What is the audit requirement for benefit plans?
We get this question a lot. The instructions to the Form 5500 give the technical answer. However, below is a quick summary of those requirements. Every situation is unique. If you have specific questions, please feel free to give us a call or contact us to see if we can be of assistance. The Department of Labor (“DOL”) has more information available at www.dol.gov/ebsa or you can call the EFAST2 Help Line at 1-866-GOEFAST (1-866-463-3278) (toll-free).
The audit requirement generally depends upon whether a plan is a large plan or a small plan. Large plans must file Schedule H. Schedule H requires an audit. Therefore large plans must have an audit.
A plan is a large plan if at the beginning of the Plan year (or first day of the Plan) the plan had 100 or more participants (or employees eligible to participate if it is a 401(k) plan, see “Who is a participant” below).
However, if the Plan has between 80 and 120 participants (the 80-120 Participant Rule), it may continue to file as it had the year before. So, assuming a calendar year, if it a Plan has 85 participants on 1/1/13 and filed as a small plan and then has 110 participants on 1/1/14 it could continue to file as a small plan (and therefore not require an audit).
Once a Plan has over 120 participants on 1/1 (again assuming a calendar year), it must file as a large plan at the end of that calendar year (i.e. a plan with 121 participants on 1/1/14 must file as a large plan for the 12/31/14 year end and therefore will require an audit for the 12/31/14 year end during 2015). Once a plan files as a large plan, it cannot file as a small plan again (and therefore avoid the audit requirement) until it falls below 100 participants.
Who is a participant?
This is not as simple as it sounds. ERISA Section 3(7) defines a participant as any employee or former employee of an employer, or any member or former member of an employee organization, who is or may become eligible to receive a benefit of any type from an employee benefit plan that covers employees of such employer or members of such organization or whose beneficiaries may be eligible to receive any such benefit. However, the Internal Revenue Code Section for 401(k) qualified cash or deferred arrangements, includes as a participant any individual who is eligible to participate in the plan whether or not the individual elects to contribute or has an account under the plan. DOL Regulation Title 29 U.S. Code of Federal Regulations (CFR) Part 2510.3-3(d) and the Form 5500 Instructions]. For welfare plans, however, an individual becomes a participant on the earlier of the date designated by the plan as the date on which the individual begins participation in the plan; the date on which the individual becomes eligible under the plan for a benefit subject only to occurrence of the contingency for which the benefit is provided; or the date on which the individual makes a contribution to the plan, whether voluntary or mandatory [ref: DOL Reg. 29 CFR 2510.2-3(d) and the Form 5500 Instructions].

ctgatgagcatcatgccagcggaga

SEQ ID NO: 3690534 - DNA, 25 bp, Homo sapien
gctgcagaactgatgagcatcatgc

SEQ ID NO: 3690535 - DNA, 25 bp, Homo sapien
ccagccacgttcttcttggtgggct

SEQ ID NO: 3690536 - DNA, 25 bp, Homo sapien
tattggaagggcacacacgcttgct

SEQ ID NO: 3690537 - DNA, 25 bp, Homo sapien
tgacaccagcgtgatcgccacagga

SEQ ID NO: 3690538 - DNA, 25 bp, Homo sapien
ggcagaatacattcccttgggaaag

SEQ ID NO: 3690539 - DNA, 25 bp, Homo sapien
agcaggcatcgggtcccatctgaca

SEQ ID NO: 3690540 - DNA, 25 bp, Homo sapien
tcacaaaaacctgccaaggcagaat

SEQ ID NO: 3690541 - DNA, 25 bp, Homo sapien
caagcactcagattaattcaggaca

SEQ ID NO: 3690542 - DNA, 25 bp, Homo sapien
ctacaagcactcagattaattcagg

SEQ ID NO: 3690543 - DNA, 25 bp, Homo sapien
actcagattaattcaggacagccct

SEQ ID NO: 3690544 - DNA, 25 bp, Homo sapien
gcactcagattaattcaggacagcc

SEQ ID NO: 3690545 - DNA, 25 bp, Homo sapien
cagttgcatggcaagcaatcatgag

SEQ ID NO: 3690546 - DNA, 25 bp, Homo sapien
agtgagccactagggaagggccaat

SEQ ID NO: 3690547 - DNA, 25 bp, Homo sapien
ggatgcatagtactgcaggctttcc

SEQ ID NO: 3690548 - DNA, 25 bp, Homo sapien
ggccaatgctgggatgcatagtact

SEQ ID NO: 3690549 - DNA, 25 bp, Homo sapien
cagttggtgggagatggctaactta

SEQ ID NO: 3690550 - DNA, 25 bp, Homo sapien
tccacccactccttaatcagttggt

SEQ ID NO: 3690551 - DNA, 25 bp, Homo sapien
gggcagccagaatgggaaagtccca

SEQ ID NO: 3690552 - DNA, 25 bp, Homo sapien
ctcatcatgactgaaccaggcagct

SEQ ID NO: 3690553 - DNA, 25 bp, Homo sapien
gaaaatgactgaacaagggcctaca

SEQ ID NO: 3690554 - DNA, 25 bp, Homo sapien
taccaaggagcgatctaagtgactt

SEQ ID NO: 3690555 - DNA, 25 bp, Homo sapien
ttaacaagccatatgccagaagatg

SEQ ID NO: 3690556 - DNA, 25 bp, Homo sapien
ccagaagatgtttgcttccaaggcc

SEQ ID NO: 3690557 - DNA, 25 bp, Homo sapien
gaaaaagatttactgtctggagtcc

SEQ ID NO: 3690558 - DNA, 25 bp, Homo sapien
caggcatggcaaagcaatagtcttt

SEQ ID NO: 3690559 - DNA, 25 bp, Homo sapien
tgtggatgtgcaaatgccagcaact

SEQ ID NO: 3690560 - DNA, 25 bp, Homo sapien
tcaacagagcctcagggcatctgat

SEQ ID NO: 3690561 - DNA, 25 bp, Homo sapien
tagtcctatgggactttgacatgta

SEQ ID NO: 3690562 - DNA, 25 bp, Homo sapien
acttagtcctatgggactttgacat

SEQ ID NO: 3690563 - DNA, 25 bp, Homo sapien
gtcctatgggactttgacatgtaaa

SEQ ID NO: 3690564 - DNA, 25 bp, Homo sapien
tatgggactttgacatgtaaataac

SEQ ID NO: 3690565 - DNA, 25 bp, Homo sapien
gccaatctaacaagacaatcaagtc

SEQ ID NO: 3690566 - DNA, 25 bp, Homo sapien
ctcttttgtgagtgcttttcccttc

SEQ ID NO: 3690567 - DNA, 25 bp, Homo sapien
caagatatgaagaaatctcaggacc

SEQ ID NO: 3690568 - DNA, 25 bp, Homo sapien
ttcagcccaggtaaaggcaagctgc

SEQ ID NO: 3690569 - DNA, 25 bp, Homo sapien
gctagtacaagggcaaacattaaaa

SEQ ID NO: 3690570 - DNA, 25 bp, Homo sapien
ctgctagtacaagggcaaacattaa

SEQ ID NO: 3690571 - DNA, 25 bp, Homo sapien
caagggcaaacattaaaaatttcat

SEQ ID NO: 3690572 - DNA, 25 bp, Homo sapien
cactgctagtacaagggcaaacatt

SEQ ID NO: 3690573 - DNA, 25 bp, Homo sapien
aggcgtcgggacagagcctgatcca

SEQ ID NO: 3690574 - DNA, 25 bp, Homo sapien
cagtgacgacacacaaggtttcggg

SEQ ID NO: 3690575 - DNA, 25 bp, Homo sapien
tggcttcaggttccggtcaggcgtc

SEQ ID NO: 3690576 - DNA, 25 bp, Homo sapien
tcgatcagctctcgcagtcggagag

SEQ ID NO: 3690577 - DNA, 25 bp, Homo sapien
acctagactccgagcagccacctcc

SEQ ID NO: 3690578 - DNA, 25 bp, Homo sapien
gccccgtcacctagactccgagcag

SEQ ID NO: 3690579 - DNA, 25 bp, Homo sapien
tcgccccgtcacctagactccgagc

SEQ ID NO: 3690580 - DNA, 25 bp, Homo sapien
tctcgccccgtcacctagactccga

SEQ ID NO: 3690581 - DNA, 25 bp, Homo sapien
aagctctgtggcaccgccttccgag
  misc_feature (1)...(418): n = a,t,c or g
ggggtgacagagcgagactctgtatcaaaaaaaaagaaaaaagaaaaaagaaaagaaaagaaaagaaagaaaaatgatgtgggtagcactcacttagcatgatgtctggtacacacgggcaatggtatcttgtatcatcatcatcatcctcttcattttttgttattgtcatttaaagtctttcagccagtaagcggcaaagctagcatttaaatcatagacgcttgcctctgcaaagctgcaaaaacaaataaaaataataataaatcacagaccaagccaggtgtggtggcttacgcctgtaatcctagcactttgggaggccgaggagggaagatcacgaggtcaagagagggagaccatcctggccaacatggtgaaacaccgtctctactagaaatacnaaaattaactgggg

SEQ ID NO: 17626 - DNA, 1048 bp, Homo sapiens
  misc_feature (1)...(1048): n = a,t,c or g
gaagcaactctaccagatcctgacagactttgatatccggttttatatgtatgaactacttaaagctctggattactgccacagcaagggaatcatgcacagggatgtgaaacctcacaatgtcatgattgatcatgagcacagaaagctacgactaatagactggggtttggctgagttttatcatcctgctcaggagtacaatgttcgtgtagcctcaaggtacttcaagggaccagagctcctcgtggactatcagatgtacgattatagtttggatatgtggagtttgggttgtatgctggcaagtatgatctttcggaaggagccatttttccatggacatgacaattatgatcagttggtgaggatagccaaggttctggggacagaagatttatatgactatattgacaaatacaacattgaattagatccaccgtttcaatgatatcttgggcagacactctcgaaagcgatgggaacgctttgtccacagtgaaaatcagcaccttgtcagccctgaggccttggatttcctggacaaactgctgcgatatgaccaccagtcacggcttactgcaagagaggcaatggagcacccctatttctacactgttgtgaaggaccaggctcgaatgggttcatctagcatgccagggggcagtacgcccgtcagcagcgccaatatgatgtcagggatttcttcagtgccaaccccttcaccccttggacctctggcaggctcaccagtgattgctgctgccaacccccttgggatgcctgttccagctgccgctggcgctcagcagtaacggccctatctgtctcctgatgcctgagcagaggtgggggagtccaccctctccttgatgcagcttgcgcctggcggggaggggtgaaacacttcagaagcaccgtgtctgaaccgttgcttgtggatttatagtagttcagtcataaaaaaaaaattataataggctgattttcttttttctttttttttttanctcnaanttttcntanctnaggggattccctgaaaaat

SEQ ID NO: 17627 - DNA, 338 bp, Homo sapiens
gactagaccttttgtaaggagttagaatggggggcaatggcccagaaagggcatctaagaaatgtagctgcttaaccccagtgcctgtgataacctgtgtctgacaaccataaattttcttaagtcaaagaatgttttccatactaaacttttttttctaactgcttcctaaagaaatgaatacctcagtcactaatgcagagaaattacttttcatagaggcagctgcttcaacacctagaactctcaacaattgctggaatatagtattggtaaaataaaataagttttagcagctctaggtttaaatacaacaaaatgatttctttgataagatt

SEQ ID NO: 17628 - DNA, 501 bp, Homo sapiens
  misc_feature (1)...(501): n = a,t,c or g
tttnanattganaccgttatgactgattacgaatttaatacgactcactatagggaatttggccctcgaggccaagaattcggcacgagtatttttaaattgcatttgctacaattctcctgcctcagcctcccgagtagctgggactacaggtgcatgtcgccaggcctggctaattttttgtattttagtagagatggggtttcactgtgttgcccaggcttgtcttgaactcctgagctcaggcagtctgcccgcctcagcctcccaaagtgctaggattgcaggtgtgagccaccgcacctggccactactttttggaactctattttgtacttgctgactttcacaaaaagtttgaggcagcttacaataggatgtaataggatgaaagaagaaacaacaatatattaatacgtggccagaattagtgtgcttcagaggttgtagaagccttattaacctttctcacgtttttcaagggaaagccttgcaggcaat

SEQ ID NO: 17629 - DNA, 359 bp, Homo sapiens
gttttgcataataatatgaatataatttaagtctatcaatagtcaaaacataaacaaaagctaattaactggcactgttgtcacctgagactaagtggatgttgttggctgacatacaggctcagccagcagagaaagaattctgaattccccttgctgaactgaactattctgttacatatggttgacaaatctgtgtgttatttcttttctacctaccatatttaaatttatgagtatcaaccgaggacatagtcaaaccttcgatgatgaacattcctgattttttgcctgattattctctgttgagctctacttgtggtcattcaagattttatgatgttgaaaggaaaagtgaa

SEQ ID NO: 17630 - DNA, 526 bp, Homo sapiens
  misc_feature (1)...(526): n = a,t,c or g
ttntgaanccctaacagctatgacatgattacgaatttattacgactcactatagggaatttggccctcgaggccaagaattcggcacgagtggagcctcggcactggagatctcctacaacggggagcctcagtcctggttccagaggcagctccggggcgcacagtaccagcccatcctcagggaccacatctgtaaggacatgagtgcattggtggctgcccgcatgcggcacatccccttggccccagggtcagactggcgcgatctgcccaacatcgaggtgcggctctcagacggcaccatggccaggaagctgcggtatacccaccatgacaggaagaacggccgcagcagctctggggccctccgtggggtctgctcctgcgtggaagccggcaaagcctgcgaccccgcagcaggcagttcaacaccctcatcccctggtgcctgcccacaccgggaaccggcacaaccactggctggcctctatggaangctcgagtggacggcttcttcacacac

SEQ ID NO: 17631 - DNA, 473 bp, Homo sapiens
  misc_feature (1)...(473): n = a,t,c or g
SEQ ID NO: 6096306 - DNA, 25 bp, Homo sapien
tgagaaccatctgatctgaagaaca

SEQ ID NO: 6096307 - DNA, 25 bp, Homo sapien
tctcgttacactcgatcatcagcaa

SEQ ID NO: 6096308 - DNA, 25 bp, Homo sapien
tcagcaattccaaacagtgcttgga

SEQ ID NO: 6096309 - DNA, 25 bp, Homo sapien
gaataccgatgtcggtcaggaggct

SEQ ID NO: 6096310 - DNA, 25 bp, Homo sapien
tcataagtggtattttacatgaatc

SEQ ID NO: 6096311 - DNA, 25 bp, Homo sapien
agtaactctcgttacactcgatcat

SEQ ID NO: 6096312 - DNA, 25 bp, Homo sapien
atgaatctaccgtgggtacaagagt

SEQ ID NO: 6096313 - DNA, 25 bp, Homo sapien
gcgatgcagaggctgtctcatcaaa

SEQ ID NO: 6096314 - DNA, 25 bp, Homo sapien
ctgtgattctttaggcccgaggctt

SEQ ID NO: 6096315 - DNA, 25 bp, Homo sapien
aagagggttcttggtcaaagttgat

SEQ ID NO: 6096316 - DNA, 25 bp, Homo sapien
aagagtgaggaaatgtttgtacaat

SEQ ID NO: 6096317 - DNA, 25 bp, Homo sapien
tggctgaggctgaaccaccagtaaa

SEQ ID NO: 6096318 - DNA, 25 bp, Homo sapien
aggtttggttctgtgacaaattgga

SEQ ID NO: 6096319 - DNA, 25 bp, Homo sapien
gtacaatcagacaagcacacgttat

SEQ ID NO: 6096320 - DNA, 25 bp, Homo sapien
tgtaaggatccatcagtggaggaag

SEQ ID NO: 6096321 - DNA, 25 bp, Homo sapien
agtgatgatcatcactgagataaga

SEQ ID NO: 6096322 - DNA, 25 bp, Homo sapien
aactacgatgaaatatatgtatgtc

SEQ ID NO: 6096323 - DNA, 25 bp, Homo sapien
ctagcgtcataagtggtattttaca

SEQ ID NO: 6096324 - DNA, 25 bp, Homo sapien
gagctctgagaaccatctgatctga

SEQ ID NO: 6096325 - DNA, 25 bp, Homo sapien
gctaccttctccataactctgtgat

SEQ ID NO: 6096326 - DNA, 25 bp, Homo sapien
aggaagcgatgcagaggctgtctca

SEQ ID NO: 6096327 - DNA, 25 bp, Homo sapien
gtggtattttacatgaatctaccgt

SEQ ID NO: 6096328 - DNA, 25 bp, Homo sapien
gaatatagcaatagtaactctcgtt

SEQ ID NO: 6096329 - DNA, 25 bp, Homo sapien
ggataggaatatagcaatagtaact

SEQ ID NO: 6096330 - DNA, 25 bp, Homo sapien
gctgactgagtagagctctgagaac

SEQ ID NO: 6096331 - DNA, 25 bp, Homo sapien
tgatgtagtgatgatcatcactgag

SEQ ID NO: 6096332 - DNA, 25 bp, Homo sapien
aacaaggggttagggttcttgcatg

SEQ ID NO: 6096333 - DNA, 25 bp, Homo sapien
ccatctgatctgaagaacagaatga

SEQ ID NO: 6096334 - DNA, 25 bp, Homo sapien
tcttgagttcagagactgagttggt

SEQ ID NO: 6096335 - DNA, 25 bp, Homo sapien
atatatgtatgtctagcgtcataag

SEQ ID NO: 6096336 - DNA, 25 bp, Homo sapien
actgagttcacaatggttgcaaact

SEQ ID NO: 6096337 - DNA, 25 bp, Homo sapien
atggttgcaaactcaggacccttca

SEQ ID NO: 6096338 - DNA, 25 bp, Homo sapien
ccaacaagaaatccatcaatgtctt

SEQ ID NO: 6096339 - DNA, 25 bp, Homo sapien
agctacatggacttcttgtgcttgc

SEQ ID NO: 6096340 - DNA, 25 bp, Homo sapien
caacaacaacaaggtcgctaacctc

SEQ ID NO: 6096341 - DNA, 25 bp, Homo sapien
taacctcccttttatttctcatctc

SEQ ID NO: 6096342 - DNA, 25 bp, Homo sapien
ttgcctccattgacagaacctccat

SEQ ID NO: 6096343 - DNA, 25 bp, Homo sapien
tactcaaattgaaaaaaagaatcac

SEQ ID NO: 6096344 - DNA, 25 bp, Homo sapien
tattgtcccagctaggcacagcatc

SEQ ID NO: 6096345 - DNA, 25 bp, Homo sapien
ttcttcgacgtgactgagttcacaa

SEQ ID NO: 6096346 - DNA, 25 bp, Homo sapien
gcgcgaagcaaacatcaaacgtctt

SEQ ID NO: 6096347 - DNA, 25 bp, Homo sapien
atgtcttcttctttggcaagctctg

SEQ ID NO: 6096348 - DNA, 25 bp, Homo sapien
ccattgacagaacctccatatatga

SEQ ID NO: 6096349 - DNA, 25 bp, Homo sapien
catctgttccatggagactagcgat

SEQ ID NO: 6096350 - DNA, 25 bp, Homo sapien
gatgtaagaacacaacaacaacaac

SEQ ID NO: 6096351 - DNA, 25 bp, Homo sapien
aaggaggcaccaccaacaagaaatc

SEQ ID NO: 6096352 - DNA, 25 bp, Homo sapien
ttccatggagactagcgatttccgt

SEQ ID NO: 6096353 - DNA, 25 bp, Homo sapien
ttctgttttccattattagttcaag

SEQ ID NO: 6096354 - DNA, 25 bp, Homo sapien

Let’s Be Clear: Even Small Plans Require an Audit if They Do Not Meet the Exemption Requirements
Technically, even small plans (plans with less than 100 participants) must have an audit. However, under 29 CFR2520.104-46, the DOL grants a waiver exempting small plans from an audit provided the Plan meets certain conditions. Most small plans are designed to meet these requirements to be exempt from the audit requirement but you need to make sure your plans meet these three conditions below.